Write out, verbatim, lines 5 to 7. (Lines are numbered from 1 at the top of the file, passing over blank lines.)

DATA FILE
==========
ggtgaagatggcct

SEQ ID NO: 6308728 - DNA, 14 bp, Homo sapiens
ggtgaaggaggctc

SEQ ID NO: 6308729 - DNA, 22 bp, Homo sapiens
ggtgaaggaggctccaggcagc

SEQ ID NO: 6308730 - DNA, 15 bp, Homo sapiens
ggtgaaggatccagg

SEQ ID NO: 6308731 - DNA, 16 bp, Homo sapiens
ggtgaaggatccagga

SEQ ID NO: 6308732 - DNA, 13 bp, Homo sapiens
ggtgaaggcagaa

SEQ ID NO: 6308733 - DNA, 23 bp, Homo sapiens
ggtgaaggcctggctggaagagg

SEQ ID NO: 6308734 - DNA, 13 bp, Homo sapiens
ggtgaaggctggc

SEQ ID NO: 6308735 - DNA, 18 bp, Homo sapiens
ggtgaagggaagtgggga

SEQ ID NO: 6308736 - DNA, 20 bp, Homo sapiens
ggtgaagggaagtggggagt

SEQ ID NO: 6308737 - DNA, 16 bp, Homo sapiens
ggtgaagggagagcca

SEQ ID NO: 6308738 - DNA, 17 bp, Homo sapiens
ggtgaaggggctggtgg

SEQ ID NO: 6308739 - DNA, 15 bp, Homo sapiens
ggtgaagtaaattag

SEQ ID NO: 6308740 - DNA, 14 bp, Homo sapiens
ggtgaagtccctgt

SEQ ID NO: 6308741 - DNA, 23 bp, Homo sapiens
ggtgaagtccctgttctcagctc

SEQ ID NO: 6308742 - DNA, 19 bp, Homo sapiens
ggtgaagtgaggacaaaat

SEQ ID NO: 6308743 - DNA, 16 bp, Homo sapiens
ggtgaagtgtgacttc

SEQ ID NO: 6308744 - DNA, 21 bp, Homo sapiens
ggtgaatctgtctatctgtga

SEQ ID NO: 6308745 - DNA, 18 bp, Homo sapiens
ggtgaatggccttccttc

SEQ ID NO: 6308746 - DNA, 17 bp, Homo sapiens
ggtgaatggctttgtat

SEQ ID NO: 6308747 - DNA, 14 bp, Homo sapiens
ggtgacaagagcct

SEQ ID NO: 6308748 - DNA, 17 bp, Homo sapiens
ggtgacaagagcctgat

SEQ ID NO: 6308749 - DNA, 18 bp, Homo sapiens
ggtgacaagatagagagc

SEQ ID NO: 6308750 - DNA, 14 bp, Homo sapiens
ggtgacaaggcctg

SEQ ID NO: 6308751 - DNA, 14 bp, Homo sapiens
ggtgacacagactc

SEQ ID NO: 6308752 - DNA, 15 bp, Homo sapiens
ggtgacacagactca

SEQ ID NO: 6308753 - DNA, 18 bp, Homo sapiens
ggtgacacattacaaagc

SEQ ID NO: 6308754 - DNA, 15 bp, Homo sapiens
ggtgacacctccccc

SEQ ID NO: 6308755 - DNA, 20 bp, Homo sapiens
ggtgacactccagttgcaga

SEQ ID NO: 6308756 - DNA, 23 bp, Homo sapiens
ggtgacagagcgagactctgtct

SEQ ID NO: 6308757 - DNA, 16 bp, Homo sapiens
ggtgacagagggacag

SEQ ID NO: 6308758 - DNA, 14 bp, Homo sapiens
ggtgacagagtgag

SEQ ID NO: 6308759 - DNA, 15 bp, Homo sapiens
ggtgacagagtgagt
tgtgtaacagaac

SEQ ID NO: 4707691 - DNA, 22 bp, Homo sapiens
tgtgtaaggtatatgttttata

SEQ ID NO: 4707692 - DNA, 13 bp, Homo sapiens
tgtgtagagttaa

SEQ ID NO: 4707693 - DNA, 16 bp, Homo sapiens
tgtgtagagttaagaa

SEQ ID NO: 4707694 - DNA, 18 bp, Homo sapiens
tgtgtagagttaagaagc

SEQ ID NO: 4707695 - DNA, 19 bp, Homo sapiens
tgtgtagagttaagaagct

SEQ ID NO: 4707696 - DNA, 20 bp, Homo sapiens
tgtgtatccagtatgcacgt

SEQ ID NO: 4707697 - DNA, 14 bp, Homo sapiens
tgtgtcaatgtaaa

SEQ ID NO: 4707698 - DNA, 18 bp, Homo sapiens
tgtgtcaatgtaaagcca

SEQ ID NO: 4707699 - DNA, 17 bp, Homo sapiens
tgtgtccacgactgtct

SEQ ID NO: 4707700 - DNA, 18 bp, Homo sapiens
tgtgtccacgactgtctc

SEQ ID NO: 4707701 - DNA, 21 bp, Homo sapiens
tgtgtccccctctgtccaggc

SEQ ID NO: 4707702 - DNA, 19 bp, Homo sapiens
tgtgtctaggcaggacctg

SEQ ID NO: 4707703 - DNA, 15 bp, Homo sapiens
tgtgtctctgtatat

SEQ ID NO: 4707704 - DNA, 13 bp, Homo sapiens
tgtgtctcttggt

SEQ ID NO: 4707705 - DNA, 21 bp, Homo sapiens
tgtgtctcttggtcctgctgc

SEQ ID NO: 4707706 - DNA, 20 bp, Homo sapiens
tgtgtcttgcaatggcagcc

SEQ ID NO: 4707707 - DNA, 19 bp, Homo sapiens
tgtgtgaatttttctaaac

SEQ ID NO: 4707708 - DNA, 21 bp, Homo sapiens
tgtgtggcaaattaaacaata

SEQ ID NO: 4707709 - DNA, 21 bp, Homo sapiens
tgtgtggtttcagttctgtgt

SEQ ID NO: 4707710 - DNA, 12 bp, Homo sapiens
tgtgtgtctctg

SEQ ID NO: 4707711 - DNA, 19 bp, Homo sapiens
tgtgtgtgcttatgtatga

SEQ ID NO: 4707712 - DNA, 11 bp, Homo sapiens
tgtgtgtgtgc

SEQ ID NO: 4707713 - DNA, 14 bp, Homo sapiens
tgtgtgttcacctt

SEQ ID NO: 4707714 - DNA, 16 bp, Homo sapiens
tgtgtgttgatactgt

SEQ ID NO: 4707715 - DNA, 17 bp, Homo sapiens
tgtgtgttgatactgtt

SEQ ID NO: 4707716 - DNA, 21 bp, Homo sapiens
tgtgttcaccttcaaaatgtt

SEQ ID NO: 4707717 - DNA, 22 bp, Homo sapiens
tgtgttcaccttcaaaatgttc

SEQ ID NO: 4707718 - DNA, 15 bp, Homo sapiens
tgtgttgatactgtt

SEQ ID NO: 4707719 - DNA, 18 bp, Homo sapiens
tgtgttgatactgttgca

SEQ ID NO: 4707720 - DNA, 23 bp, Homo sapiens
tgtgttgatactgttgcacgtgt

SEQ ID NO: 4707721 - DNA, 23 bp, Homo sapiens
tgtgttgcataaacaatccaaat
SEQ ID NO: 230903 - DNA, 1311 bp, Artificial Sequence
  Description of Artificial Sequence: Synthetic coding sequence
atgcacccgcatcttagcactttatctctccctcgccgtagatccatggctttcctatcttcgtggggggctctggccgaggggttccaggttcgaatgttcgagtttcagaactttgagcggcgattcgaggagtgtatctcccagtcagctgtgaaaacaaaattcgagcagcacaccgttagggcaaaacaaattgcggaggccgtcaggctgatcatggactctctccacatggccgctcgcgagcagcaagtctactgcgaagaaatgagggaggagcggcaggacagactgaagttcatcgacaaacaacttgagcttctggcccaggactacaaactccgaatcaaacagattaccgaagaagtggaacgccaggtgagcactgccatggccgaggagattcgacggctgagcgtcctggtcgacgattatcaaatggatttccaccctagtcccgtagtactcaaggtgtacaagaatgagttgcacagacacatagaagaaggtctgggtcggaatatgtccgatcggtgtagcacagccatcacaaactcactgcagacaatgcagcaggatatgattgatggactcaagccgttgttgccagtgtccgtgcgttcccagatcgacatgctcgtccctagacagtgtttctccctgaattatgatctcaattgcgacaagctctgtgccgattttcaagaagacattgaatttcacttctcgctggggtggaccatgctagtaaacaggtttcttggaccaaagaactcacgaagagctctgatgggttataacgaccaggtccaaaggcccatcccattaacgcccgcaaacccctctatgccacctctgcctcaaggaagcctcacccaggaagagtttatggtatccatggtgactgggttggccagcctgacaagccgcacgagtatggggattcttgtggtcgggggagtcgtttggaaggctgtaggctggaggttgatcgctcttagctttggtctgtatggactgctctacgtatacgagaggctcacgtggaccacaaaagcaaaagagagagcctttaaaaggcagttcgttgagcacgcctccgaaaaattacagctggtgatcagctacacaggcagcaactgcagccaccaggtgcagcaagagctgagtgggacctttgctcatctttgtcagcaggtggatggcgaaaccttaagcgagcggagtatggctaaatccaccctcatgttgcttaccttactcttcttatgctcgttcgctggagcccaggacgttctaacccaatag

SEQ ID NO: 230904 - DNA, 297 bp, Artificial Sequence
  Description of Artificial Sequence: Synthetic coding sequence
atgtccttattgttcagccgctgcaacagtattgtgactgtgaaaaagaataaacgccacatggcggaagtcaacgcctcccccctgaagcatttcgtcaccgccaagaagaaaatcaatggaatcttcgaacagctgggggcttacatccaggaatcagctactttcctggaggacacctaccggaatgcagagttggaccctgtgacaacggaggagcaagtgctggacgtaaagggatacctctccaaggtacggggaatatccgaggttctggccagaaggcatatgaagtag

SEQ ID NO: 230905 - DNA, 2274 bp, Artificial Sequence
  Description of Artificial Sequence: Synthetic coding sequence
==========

ggtgaaggaggctccaggcagc

SEQ ID NO: 6308730 - DNA, 15 bp, Homo sapiens
ggtgaaggatccagg